Educator, drag queen, aesthetician, actor, consultant: Halifax's 2019 Pride ambassador commands the spotlight everywhere she goes. Now in her 14th year as a performer, Chris Cochrane—Halifamous for her drag persona Elle Noir—is finding balance and breaking boundaries as a dazzling new era brings drag into vogue.
Strangers linger in a bustling Hydrostone coffee shop, shooting shy smiles as they overhear a gracefully confident Cochrane ruminate on her experiences growing, learning and performing in eastern Canada's drag scene.
"I'm more unapologetically me, and I used to be afraid, I didn't want to speak about my accolades," says Cochrane. "I'm just now confident in myself."
She's the only out, trans, Black drag queen this side of Montreal, she says, and has racked up plenty of pageant titles and competition wins in her more than a decade of performing. But that's not all: In the last several years she's taken on teaching positions and acting and educational speaking roles all while building careers as a corporate consultant and an aesthetician.
Her success to this point is dizzying, as is her schedule. But as someone who hails from the small community of Glace Bay in Cape Breton, Cochrane works hard to keep a level head.
"Remember where you came from and remember where you're at," she says. "That's what has to keep me grounded."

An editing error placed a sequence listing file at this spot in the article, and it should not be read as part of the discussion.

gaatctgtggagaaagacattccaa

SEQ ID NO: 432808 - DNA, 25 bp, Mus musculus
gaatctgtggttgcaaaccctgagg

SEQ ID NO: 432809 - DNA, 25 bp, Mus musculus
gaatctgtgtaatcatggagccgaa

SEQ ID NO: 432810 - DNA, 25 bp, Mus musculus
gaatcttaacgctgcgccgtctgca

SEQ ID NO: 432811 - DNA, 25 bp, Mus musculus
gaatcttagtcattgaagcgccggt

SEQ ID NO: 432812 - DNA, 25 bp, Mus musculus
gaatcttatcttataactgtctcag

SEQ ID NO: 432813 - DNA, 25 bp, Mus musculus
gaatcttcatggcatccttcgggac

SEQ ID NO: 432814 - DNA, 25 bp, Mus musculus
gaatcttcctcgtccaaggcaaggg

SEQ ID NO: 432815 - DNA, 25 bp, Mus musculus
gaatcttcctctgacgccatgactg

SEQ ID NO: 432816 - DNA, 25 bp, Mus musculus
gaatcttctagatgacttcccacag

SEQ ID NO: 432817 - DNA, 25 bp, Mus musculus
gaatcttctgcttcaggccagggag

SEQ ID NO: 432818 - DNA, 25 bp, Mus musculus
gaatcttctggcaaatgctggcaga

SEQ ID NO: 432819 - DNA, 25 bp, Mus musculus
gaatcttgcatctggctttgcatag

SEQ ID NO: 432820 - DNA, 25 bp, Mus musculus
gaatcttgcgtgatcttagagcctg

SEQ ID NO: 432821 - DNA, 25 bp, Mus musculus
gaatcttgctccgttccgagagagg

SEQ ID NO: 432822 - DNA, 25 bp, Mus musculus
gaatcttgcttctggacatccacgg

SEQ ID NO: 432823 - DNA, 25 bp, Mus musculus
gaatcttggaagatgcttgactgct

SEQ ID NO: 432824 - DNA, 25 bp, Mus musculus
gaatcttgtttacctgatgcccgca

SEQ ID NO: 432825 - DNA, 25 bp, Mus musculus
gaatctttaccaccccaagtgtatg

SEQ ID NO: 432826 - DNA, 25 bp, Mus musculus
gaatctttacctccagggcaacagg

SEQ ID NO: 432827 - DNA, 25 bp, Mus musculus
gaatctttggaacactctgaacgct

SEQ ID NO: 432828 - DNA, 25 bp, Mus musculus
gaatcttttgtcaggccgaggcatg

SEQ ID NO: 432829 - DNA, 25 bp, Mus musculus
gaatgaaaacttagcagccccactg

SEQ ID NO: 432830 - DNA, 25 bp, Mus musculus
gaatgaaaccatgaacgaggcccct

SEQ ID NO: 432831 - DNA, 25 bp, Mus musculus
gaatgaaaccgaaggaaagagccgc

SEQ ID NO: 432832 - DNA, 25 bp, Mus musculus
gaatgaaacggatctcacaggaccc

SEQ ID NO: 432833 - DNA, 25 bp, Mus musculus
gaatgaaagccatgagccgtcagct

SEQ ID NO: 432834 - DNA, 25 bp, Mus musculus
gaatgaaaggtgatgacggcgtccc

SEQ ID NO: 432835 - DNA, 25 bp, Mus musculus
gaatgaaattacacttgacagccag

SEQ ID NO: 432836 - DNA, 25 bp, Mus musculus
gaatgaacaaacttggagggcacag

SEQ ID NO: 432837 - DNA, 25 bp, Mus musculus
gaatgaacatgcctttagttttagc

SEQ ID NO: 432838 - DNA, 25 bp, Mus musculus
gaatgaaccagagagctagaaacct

Elle Noir first stepped onto the scene in 2005. Then, the 19-year-old Cochrane was in the navy. Her first time in drag was a dare—a friend thought it would be funny of Cochrane to show up to superstar RuPaul's Halifax show in drag.
Then there was Five Minutes of Fame, a mish-mash talent show hosted at Reflections Cabaret, where Cochrane first performed as Elle Lenore, her name a play on the star character of Legally Blonde. Two weeks later, Elle Noir found herself in the lineup for her first-ever pageant. It was only her third time in drag, and she placed third out of 11 performers.
Cochrane continued to perform on stages around the world while travelling with the navy. Eventually, she says, she realized she was more comfortable in drag than out of it.
"Elle Noir is my security blanket," says Cochrane. "She was a way for me to hide in plain sight, so she's a way for me to be myself without being myself, and through that I found that I was more outgoing and a lot less afraid of the world as Elle Noir."
Cochrane left the navy in 2007 and spent a year living in Toronto. There she found both community and opportunity as she continued to perform and started meeting out trans women.